JF Ptak Science Books Post 1433
This blog's series on the History of Dots needs to be folded into the History of Circles section--it seems that whenever I see interesting circles that I am seeing dots, and vice versa; and after all, aren't circles just unfilled dots? An anti-dot (or at least so in two dimensions)? I like the idea, especially since one of the great and revolutionary ways in which particles were found was with the device pioneered by D.A. Glaser (Nobel physics, 1960), the bubble chamber, which through the use of superheated hydrogen (usually) it was possible to track electrically charged particles, often producing dots in their signatures.
Which leads me to bubbles and anti-bubbles. We all know what a bubble is--at least a physical one--but what about its opposite? Its not quite that, really, though there are bubbles that are liquids surrounded by gas rather than the much more conservative and popular way. And so it is this way that I came to the anti-dot, the circle, and then of course one of its three dimensional relatives, the bubble (and the sphere).
Earlier in this blog I've written a few times about the speech and though bubble/balloon, which was a fantastic invention, enabling to make literal the thinking of the subjects in a painting (and seen probably for the first time in a printed book in 1523, in this work about Bruno Carthasisienna):
I'm sure that there must've been some number of people who regarded it as base and retrograde, that the view of a print or painting should by the art's elements know what the characters might be thinking, and that by showing the specifics of thought, by boldly stating the thought or speech itself, that the experience is removed from the viewer's imaginations. Perhaps these thoughts were common to the people who considered the telephone as an affront to communication as an attempt to replace the written letter, and so on to fax to email to tweet and so on.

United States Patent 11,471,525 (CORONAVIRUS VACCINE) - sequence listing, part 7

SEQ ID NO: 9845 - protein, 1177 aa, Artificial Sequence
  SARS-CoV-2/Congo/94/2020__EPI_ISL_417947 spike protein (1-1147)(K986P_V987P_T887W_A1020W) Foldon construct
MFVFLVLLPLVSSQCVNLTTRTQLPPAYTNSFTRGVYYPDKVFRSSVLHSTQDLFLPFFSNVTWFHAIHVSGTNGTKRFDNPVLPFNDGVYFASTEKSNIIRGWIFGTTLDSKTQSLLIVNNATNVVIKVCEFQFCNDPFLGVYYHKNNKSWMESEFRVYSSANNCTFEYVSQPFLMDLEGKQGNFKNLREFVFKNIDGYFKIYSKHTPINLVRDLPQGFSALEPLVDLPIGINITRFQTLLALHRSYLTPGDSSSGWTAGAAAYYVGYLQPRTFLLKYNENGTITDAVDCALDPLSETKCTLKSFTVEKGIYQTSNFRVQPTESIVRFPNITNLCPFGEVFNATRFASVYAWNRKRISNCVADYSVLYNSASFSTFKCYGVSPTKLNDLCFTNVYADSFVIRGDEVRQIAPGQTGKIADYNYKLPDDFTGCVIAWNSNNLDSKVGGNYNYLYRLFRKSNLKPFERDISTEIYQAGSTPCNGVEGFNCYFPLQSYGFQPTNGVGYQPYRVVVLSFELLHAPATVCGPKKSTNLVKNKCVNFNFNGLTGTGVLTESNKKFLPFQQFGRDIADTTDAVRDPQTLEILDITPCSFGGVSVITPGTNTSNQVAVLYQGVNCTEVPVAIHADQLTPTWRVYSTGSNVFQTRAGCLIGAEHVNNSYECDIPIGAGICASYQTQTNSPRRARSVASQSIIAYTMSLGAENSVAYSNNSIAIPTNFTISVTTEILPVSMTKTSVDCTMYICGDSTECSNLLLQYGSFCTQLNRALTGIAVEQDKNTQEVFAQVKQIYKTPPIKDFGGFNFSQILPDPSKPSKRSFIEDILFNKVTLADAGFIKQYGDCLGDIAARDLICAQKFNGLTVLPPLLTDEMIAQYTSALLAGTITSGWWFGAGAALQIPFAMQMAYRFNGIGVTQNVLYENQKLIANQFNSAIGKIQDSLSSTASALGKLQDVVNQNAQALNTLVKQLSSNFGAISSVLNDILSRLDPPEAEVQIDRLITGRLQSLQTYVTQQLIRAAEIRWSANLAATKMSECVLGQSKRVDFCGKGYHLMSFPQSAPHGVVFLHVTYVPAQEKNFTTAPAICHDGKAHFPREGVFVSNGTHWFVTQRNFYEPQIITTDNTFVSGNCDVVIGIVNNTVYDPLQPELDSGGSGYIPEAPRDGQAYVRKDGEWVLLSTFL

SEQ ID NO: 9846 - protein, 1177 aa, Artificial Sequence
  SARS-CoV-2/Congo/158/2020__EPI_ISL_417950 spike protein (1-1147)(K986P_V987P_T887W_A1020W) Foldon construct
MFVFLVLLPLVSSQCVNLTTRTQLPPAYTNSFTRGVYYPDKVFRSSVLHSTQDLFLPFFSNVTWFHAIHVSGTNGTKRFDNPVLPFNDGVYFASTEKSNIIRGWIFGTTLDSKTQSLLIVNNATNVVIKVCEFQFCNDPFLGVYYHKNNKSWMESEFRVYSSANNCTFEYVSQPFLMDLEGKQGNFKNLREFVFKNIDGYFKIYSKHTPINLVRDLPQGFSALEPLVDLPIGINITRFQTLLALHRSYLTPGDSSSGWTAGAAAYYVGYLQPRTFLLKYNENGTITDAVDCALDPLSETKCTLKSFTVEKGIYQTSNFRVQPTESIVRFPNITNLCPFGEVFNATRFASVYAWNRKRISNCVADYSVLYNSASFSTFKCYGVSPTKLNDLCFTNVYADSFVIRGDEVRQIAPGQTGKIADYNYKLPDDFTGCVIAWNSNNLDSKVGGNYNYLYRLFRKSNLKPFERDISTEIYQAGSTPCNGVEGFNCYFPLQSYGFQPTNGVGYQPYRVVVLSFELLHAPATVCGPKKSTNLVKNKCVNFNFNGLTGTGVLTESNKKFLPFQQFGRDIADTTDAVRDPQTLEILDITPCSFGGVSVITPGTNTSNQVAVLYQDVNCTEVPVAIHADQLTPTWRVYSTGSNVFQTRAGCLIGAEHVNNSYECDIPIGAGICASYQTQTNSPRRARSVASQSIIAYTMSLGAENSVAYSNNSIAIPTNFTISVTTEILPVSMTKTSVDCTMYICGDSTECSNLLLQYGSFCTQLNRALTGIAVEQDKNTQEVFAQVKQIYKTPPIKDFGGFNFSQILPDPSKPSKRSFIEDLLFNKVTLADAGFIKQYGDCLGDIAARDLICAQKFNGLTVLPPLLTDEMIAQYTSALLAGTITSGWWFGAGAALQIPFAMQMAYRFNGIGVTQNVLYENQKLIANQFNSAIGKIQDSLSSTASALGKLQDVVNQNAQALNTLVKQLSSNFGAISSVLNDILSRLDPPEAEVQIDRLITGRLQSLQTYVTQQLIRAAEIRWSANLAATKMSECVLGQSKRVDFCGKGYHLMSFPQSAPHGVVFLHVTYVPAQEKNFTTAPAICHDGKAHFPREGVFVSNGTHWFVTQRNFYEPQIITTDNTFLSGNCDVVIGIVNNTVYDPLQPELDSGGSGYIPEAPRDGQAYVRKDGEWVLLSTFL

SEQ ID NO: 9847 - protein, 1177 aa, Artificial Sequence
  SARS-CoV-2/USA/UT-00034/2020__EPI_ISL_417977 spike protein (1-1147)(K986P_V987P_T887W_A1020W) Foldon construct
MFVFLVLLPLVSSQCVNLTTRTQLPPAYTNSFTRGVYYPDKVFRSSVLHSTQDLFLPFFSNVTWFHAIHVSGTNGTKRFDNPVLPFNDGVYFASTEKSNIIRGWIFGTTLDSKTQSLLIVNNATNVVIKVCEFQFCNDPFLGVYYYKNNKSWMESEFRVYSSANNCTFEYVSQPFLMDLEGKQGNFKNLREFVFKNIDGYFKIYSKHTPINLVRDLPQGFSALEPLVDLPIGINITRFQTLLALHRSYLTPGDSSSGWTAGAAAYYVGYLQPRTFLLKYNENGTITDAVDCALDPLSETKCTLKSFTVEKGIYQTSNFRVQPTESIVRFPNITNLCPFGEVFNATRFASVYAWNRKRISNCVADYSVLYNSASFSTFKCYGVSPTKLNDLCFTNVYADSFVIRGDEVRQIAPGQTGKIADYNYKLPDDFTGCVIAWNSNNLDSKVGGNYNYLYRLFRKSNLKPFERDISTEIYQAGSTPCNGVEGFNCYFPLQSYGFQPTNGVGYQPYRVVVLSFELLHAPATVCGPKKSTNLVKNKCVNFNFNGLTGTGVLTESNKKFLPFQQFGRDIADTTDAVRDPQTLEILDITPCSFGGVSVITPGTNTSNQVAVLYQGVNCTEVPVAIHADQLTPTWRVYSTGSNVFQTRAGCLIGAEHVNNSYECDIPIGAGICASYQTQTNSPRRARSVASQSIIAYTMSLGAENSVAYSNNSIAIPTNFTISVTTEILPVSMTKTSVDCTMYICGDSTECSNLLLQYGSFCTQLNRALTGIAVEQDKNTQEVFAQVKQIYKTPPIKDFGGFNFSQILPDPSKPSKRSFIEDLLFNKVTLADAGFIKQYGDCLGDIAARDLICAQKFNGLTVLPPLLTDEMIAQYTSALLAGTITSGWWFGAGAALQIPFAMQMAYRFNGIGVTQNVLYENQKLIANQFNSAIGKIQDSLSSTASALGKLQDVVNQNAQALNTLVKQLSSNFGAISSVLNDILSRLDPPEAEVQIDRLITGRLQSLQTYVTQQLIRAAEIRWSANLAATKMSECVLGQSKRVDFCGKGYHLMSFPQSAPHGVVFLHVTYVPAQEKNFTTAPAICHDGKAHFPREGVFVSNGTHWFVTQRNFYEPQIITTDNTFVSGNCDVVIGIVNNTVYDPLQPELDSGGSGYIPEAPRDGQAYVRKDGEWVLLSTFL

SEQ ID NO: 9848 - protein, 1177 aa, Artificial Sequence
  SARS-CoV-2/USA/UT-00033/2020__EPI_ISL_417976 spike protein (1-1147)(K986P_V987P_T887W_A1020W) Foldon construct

I have no idea when the first bubble as a bubble appeared in print, though a gorgeous version of a bubble-maker is seen on the cover of another "first": the first full-cover illustration on the front cloth cover of a published book1, Sir Francis Bond Heads (1793-1875) Bubbles from the Brunnens of Nassau, which was published by in 1834 by John Murray of London, who 25 years later would publish Darwin's Origin (where the word "bubble" by the way does not appear).
There are many illustrations and paintings of people blowing bubbles--I'm not sure which one is the most famous but Gerit Dou (1613-1675) certainly comes to mind (with his Still Life with a Boy Blowing Bubbles). Perhaps a ittle more unusual and also involving a great scientist is the economic bubble, which is the subject of this great print called "A Bubbler's Funeral". An economic bubble is one in which the value of a share of stock in a company or interest becomes hyper-inflated, expanding outward until the price bubble found its pin, and once contact is made, the whole thing goes to shamble, and anyone left holding the enormously inflated stock finds themselves with a stock worth next to nothing.
This image was a satire on the Ages of Man, professing to be a ticket for a Bubblers funeral, and was in 1720 aimed at the directors of the South Sea Company, a notorious early 18th century bubble, which had just burst. Many people lost fortunes in this, including the aged Sir Isaac Newton. The invitation was for a funeral profession to “accompany the whole Body of S.S. Directors from ye Bubbling house in the Broad way... to ye three Legged Tree near Padington on Fryday the of February 1720/1".
And so ends this first bot on folding the story of circles and bubbles into this blog's History of Dots. I should point out that one of the great bubbles of the last hundred years or so imploded only a dozen yers or so ago--the dot coms.
I wonder if the History of Holes thread should also be folded in?
1. From Princeton University: "Ellen Morris puts it in anything way, “This period also produced the first full-cover designs: John Murray’s 1834 issue of Bubbles from the Brunnens of Nassau is reputedly the earliest publisher’s cloth binding with a full pictorial design on its cover.” (The Art of Publishers’ Bookbindings 1815-1915).